A Slice of History: The Fascinating Evolution of Pizza

The story of pizza is a mosaic of cultures, innovations, and flavors that have merged over centuries to create the global phenomenon we know and love today. Let’s explore the key milestones in the evolution of pizza.

Ancient Beginnings

Long before the word “pizza” was ever uttered, ancient civilizations were making the first iterations of this iconic dish. The ancient Greeks, Egyptians, and Romans all enjoyed flatbreads topped with oils, herbs, and spices. These early pizzas were a far cry from what we enjoy today, but they laid the groundwork for pizza’s development.

Naples: The Birthplace of Modern Pizza

The pizza we recognize today has its roots in Naples, Italy, in the 18th century. Naples was a bustling waterfront city, and its working poor needed food that was inexpensive and could be eaten quickly. Enter pizza: a simple, affordable dish made from basic ingredients. The classic Pizza Margherita, adorned with tomatoes, mozzarella cheese, and basil, is said to have been created in 1889 by chef Raffaele Esposito in honor of Queen Margherita of Savoy, mirroring the colors of the Italian flag.

Migration and Global Popularity

As Italians emigrated to the United States and other parts of the world in the late 19th and early 20th centuries, they brought their culinary traditions with them. Pizza’s introduction to the U.S. is largely attributed to Italian immigrants who opened the first pizzerias, sharing their beloved dish with a new audience. Lombardi’s, opened in 1905 in New York City, is recognized as the first pizzeria in the United States.

The Pizza Boom

After World War II, pizza’s popularity exploded in the United States and then globally. Soldiers returning from Italy had developed a taste for the dish, spurring a surge in demand. This period saw the invention of the pizza delivery and the proliferation of pizza chains, making pizza more accessible than ever before.

Innovation and Diversification

As pizza’s popularity grew, so did its variations. Regions around the world began putting their unique spins on the traditional dish, leading to a diverse range of styles like deep-dish Chicago pizza, California-style pizza with its gourmet toppings, and the controversial Hawaiian pizza topped with ham and pineapple. Today, virtually every country has its own version of pizza, adapted to local tastes and ingredients.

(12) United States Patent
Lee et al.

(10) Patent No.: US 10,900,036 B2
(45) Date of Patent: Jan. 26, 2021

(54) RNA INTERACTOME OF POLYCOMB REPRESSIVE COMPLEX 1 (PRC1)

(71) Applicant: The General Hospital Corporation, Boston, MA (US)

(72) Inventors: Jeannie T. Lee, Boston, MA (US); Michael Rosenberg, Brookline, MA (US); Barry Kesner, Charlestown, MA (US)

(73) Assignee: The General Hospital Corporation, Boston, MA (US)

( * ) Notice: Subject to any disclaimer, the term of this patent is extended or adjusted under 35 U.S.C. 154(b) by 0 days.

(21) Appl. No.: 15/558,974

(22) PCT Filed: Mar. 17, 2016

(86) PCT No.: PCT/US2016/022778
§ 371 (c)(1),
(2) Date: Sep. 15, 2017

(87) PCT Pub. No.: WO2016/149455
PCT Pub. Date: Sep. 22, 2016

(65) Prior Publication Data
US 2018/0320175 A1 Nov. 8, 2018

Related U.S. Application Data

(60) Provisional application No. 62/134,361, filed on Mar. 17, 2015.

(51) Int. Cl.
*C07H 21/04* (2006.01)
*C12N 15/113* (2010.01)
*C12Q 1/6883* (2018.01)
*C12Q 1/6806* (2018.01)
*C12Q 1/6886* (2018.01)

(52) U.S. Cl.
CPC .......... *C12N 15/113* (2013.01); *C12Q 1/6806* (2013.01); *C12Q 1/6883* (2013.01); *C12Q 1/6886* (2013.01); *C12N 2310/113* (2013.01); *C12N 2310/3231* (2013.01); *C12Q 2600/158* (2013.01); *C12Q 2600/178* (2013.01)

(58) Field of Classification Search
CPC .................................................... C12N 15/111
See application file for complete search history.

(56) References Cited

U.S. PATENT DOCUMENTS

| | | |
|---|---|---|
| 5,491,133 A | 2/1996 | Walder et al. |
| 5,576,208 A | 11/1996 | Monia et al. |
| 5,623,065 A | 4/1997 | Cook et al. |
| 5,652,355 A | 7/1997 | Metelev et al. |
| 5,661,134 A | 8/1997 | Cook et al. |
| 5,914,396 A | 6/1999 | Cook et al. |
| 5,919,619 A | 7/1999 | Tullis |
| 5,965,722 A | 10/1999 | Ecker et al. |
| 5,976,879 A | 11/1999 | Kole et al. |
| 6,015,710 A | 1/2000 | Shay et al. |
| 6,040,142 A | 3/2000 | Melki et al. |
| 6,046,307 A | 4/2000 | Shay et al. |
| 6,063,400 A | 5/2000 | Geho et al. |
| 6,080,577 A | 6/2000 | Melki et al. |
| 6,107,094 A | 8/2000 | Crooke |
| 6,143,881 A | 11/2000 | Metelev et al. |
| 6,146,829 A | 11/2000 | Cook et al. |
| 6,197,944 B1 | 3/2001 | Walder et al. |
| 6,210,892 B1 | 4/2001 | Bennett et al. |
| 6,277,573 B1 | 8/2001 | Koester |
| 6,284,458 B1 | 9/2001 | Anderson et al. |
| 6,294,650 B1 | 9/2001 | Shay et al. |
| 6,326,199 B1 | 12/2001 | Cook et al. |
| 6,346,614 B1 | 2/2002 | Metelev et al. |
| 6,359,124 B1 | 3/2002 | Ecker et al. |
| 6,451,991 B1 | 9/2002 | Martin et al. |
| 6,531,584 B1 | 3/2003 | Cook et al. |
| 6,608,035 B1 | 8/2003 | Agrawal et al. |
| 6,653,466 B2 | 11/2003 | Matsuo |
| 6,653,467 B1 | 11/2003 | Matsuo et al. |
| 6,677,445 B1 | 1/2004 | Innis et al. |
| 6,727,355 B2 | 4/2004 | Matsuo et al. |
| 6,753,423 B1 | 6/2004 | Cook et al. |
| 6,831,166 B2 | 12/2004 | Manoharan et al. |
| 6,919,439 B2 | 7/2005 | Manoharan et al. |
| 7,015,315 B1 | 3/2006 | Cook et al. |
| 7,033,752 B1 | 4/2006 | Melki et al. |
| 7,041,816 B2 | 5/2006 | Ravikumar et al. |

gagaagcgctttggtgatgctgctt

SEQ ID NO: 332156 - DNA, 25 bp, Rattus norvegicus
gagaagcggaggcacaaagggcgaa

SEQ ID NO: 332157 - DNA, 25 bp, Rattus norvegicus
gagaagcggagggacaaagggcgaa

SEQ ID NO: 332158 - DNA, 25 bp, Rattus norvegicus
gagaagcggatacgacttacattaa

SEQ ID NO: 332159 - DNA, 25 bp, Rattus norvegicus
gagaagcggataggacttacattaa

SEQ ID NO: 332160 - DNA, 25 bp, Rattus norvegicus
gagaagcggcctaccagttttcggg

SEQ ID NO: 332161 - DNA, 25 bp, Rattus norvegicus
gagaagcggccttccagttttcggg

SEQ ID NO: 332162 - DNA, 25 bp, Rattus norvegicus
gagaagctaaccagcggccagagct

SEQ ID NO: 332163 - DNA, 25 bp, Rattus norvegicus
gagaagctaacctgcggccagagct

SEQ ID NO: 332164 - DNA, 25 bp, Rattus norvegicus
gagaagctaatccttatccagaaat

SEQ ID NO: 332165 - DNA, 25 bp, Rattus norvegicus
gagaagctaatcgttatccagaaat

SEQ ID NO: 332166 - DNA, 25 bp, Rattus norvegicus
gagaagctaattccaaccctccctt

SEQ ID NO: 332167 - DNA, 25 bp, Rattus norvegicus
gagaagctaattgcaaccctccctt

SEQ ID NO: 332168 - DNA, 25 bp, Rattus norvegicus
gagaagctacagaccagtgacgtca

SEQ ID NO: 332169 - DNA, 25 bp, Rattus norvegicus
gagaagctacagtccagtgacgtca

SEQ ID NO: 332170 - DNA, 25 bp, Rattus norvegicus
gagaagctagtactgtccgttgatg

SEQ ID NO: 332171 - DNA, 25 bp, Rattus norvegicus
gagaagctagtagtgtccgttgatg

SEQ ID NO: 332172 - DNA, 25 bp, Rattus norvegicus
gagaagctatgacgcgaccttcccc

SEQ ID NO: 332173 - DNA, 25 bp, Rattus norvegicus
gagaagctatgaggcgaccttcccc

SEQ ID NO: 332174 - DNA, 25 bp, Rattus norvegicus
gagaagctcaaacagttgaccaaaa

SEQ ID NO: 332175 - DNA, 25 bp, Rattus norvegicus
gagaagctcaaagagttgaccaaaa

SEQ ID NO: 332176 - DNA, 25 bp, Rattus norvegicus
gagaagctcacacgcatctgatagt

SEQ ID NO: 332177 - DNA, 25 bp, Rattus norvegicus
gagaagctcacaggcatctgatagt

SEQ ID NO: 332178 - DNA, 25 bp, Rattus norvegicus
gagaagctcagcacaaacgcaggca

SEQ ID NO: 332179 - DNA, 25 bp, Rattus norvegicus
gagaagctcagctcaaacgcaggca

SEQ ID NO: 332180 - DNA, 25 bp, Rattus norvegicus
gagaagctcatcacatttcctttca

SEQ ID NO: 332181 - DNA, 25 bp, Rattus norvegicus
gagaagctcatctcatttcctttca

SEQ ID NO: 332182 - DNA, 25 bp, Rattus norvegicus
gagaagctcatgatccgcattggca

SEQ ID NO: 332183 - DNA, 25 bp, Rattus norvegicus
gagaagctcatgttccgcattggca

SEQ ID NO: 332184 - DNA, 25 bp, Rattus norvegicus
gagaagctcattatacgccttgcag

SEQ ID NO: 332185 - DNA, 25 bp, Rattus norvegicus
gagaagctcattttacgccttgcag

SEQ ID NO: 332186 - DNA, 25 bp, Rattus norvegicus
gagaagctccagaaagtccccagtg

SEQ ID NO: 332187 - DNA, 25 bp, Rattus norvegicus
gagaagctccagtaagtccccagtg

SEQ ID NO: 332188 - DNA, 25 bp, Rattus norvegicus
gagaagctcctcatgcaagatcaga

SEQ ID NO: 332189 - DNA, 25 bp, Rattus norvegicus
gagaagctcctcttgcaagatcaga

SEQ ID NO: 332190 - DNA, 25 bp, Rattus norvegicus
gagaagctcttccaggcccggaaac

The Modern Era

Today, pizza is a ubiquitous part of global cuisine, enjoyed in upscale restaurants, humble pizzerias, and homes around the world. Its versatility and universal appeal have cemented its status as one of the most popular foods globally. With the rise of artisanal and Neapolitan-style pizzerias, there’s been a renewed interest in traditional pizza-making methods, highlighting the dish’s enduring legacy and continued evolution.


Q: Is pizza considered Italian or American?

A: Pizza has its origins in Italy, specifically Naples, but it has evolved significantly, especially in the United States. Both countries have played pivotal roles in the development and popularization of pizza, making it both Italian and American in heritage.

Q: What’s the most popular pizza topping worldwide?

A: While preferences vary by region, pepperoni is often cited as the most popular pizza topping in the United States and many other parts of the world.

Q: Can pizza be considered healthy?

A: Pizza can be part of a balanced diet if made with wholesome, fresh ingredients and enjoyed in moderation. Many artisanal pizzas focus on quality over quantity, featuring nutritious toppings and whole wheat or alternative grain crusts.

In Conclusion

From ancient flatbread to the diverse array of pizzas savored around the globe today, pizza has undergone a remarkable transformation. Its ability to adapt to different cultures and tastes is a testament to its universal appeal. Whether it’s a simple Margherita or a gourmet creation with exotic toppings, pizza continues to be a beloved dish, proving that sometimes, the simplest foods can have the most profound impact on our culinary lives.